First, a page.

Sarah Kilcourse takes a look at a powerful female figure who proves that fashion and feminism are a perfect match
There is no doubt that it is on trend to be a feminist in fashion right now. Somewhere between Chanel’s riotous protests for the SS15 runway show and fashion darling Emma Watson launching the He for She campaign at the UN, feminism is being given a new lease of life by the crème de la crème of the industry. Powerful voices, like that of Vivienne Westwood (who prefers the term antifeminist by the way), have always supported the roles of women in the fashion world but the influx of youthful support has made feminism headline news again.
Behind the magazine headlines are the women who prove that women are a fashion force to be reckoned with, and a perfect example is J. Crew creative director and president Jenna Lyons. A brief synopsis of Lyons’s life so far: She joined J. Crew aged 21 as an assistant menswear designer, got married, had a son, got divorced, all while working her way through the ranks of J. Crew. Now at the helm, Lyons has creative and financial influence over the company as a whole, tripling profits in 10 years, and rebranding a former catalogue-only company.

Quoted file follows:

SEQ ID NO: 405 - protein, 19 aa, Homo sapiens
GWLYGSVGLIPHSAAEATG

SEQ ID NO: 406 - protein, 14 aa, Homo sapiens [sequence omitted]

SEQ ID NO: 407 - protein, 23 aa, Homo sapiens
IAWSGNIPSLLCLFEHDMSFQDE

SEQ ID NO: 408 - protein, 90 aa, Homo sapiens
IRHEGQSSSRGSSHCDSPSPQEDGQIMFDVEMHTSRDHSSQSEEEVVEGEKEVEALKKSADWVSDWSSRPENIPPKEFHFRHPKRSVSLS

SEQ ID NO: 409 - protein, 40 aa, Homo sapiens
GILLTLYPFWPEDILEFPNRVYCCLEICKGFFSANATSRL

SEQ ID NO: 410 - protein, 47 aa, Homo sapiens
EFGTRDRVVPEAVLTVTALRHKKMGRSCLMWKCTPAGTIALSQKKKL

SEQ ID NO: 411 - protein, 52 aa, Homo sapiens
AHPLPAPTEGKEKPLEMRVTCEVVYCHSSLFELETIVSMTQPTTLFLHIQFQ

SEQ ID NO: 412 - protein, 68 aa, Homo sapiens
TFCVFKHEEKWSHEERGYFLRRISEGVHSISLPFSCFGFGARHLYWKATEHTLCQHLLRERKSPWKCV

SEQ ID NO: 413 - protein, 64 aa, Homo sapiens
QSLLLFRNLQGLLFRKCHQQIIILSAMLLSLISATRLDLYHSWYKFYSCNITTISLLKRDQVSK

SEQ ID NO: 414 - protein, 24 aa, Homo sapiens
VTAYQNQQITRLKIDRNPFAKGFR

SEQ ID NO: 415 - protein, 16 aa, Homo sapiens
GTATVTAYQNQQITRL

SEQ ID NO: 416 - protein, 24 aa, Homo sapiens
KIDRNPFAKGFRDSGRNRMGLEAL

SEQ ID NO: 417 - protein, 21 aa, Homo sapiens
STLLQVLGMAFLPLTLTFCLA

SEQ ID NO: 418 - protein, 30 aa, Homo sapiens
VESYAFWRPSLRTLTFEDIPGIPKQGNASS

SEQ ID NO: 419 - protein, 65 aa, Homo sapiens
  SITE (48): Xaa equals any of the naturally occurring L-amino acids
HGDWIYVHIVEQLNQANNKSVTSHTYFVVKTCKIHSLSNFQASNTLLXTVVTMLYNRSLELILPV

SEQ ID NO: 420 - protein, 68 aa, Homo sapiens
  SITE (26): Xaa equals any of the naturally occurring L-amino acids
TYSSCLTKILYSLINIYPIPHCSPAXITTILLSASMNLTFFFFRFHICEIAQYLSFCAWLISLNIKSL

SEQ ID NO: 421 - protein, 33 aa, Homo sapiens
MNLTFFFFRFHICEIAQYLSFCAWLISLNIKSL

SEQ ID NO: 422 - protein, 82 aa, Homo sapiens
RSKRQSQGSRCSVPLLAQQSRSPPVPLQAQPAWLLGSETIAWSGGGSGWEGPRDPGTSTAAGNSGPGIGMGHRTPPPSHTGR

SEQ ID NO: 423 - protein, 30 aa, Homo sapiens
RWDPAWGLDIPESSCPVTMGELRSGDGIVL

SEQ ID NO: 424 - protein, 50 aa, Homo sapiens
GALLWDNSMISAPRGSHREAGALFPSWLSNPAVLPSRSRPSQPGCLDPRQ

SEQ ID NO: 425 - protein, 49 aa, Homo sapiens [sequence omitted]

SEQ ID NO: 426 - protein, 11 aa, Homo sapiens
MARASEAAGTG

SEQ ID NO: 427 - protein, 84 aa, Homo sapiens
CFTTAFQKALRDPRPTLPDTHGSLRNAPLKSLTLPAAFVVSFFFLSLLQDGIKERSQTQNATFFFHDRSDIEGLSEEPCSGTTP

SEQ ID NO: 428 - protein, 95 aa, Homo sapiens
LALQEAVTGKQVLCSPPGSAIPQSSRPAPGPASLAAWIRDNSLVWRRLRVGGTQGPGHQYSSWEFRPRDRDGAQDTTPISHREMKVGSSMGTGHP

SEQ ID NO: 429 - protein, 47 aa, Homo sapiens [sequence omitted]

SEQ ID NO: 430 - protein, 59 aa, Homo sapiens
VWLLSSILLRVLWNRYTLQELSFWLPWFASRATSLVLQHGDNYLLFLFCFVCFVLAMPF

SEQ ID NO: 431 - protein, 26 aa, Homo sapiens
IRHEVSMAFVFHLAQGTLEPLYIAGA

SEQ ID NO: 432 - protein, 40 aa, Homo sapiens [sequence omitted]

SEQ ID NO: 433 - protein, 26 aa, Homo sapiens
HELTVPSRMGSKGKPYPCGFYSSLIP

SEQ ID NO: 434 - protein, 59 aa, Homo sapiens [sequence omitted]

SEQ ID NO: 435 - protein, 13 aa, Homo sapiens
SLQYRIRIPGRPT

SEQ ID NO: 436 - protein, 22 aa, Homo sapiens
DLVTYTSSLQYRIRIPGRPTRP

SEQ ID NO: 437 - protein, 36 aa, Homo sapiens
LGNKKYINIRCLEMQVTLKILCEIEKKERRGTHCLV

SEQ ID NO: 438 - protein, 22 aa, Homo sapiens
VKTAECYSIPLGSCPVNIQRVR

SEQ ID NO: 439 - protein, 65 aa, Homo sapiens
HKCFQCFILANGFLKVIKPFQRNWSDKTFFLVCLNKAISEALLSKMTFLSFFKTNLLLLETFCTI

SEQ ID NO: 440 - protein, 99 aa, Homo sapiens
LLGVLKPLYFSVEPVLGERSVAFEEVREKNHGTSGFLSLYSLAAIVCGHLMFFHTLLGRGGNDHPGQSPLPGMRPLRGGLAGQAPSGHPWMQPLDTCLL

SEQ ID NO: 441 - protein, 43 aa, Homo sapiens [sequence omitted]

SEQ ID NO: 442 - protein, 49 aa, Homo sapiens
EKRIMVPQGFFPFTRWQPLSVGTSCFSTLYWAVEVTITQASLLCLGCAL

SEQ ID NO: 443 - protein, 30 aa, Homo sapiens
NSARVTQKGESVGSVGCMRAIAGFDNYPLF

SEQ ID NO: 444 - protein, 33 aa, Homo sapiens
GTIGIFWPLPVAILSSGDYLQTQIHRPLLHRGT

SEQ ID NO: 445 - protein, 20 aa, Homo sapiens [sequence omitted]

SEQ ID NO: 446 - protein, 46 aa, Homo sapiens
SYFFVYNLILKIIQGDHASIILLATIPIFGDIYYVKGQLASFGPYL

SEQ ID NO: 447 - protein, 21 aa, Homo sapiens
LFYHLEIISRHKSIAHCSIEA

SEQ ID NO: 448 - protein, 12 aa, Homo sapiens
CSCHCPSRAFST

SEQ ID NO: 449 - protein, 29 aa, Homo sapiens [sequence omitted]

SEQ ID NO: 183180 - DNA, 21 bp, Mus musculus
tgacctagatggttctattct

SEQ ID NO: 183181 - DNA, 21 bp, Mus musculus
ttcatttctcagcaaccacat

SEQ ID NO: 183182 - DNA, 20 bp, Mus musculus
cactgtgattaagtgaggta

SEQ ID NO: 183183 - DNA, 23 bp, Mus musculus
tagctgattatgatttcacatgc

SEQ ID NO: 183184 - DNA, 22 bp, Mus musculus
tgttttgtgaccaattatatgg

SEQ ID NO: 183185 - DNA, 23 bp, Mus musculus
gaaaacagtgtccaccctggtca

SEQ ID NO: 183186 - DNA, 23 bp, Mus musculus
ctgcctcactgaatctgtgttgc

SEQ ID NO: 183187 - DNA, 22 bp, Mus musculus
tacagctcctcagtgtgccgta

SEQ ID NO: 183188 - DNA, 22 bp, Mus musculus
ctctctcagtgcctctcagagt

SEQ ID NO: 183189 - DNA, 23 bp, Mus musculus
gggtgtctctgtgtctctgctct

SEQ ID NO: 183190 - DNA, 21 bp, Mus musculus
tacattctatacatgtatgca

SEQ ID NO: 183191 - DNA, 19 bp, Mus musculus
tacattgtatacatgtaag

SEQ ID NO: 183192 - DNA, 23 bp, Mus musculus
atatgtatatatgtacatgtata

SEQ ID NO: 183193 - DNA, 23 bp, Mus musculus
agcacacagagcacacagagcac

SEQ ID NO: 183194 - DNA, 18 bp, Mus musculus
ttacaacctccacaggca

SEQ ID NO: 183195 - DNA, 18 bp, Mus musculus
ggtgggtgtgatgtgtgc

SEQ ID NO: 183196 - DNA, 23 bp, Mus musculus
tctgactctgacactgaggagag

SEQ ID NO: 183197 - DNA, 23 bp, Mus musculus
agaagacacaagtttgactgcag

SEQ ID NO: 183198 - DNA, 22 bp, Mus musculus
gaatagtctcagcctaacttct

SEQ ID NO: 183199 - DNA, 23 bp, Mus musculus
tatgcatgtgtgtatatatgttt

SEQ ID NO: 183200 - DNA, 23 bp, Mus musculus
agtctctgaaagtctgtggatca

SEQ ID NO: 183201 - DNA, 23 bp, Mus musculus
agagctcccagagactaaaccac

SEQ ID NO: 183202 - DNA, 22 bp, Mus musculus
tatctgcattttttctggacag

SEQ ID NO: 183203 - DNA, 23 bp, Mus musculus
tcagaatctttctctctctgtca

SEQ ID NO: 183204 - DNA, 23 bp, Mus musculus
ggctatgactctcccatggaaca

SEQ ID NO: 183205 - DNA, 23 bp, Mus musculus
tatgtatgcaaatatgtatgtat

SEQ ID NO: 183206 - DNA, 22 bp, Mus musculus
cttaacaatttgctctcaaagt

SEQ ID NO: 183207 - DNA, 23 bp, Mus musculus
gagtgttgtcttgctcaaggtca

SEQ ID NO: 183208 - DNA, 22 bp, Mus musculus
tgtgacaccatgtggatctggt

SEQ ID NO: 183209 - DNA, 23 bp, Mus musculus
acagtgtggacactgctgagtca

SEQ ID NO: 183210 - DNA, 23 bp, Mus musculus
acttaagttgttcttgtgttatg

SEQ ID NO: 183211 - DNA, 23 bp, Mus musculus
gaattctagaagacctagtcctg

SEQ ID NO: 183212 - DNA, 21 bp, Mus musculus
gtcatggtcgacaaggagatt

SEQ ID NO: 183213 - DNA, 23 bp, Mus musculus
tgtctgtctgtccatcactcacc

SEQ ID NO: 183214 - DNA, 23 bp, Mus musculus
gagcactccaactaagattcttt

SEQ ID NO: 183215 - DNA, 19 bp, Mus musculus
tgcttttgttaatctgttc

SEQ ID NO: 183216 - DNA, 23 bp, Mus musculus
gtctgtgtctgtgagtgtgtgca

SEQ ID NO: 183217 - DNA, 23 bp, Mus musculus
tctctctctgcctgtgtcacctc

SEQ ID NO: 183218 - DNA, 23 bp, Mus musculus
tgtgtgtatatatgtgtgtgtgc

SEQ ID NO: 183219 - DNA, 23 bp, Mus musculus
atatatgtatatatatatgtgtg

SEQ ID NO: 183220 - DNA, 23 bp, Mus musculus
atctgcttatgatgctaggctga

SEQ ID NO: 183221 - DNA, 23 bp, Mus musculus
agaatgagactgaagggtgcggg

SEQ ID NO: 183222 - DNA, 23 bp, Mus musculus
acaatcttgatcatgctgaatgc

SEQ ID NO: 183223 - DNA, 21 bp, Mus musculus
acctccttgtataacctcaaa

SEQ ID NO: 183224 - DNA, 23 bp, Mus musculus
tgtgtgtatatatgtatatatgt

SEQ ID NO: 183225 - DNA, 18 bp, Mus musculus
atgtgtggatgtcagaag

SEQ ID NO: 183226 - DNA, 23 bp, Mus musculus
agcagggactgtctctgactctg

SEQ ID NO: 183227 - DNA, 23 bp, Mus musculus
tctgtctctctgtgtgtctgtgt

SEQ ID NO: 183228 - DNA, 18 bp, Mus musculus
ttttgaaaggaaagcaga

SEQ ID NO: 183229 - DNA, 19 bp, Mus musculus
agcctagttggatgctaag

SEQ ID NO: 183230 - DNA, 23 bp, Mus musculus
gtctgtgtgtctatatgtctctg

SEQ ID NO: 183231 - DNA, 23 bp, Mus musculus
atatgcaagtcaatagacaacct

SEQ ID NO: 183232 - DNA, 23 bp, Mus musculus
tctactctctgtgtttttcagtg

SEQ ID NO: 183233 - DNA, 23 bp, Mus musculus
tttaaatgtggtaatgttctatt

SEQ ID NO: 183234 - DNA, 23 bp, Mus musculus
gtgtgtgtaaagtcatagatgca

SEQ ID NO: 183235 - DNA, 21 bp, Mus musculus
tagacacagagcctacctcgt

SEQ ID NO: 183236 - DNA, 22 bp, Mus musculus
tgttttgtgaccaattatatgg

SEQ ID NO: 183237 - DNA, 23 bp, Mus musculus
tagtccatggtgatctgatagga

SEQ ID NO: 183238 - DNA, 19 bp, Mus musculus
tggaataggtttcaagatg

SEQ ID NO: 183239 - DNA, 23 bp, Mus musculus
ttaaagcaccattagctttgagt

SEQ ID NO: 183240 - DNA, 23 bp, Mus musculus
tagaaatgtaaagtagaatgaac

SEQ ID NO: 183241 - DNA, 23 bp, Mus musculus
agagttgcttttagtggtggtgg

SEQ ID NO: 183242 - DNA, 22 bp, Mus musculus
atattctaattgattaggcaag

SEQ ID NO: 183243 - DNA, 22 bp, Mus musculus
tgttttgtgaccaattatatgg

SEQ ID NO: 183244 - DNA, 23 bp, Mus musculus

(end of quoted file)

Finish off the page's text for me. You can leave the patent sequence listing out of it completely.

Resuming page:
Lyons is a prime example of how a woman directing an industry sold to women works. Other women running the show like Stella McCartney, Phoebe Philo and Donna Karan prove the growing influence of women in today’s world. Even if the term feminism is itself currently undergoing a rebranding in fashion culture, it is the work of these women which has shaped it from the inside out. They, like Lyons, work hard and encourage women to dress however they please. This combined with a few cover stories has ensured that it is not feminism as a trend but women as a force within fashion.